The same day it announced future layoffs, Crane said it would restart operations Monday and run with full staffing until June 19, provided that employees were willing to return. In an email, the company said it would respect the wishes of workers who did not want to go back for health reasons.
Bernard said the company told him late last week that it qualified as an essential business, but did not have that documented. The question lingered into the weekend, when Len Evers, a safety inspector with the state Department of Labor Standards, issued a determination. The department is the state agency that rules on whether a business can operate amid the restrictions.
Evers conducted a review Saturday, based on a request to the DLS from Bart Robinson, Crane's chief revenue officer.
Robinson told Evers in an email that the company went through "a small percentage" of its existing orders from customers and found that it would be making stationery for "medical professionals and medical support companies, energy and environment companies, law offices performing essential work and advisory companies that support small business."
Robinson said that while Crane can't confirm whether the stationery will be used for "essential" work, the orders would be shipped to home addresses "for work from home communication."
He added, "We also do work for Vice President Pence's wife."
About four hours later, Evers said he'd visited Crane's website and determined that since the company's business stationery is used by medical professionals and other essential services, it also qualified as an essential business.
"Even in this digital age, it is hard to imagine a law or medical office without paper to memorialize their activities," Evers wrote.
But he said not all Crane business may qualify and he encouraged the company to stop any nonessential work, or have it done remotely. Evers acknowledged, though, that the state has not halted operations at companies, like big-box stores, that straddle the line on what's "essential."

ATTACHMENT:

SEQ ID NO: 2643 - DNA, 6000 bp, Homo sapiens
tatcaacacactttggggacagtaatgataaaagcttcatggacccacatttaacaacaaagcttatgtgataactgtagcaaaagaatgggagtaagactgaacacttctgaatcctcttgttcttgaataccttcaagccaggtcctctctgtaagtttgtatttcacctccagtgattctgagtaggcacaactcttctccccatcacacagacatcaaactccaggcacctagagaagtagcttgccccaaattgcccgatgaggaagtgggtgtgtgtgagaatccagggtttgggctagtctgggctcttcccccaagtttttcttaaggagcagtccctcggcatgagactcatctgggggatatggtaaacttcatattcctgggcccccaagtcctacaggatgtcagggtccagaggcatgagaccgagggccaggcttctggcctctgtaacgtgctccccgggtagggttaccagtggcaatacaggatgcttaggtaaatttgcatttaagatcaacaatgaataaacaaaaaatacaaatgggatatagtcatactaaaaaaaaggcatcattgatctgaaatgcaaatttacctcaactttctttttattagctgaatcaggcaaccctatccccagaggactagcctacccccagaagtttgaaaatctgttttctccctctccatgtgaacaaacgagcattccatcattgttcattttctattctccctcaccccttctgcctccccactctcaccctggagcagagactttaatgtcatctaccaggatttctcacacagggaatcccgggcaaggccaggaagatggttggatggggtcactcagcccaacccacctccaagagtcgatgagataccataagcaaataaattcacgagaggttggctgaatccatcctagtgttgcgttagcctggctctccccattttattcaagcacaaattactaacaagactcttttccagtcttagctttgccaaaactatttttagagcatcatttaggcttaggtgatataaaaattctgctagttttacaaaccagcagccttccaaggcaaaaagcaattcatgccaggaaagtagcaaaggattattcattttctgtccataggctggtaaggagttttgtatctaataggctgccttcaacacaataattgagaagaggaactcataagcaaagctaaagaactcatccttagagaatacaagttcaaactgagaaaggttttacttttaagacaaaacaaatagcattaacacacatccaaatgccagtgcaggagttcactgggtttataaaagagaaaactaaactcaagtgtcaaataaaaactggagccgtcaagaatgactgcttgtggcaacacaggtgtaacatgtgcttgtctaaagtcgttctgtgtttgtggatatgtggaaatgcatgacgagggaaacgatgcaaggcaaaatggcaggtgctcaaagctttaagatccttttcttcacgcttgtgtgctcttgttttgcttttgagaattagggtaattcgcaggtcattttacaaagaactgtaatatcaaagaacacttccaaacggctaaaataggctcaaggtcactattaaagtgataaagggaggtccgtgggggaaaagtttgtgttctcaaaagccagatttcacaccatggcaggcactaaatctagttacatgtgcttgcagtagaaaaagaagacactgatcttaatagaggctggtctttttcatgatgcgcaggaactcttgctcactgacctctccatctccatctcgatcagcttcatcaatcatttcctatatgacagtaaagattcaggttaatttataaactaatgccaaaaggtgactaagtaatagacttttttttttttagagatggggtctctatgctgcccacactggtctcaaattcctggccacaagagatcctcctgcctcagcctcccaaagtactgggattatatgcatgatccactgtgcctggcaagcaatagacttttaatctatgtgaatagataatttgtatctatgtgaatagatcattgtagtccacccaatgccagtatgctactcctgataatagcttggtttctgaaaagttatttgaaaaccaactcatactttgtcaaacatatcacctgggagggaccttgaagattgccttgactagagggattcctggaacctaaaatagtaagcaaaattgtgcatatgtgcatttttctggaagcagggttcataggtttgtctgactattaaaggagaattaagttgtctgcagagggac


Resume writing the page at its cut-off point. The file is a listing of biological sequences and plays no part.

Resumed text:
That opinion from the DLS led Bernard to ask that Crane document which of its orders qualified as essential.
Bernard said he has been hearing from Crane workers concerned about whether it is safe to return to a work environment. "I felt it prudent to put some conditions in place, to find an appropriate middle ground."
In the company's first Sunday email, the executives — Robinson, Chief Operations Officer Dean Daigle and Chief Product Officer Paul Thorogood — addressed worker fears.
"We understand there is concern among some employees about returning to work at this time, and whether Crane is deemed an essential business," they wrote. "Our first and foremost priority is now, and always will be, for the safety and well-being of our employees. Creating a work environment in which everyone feels safe is crucial."
The message lists 14 steps the company planned to take to provide a safe work environment, including "deep sanitation," new workplace layouts that ensure six feet of distance between people and staggered shifts to avoid bunching up.
Bernard said he asked Robinson to consider voluntarily delaying the Monday opening. "I take great exception to the term `threat,'" he said, referring to a statement by O'Connor. "I'm trying to navigate something very carefully. The implicit threat is on the side of Mohawk and is directed at the hard-working people who have given their heart and soul to building this brand."
Larry Parnass can be reached at firstname.lastname@example.org, at @larryparnass on Twitter and 413-588-8341.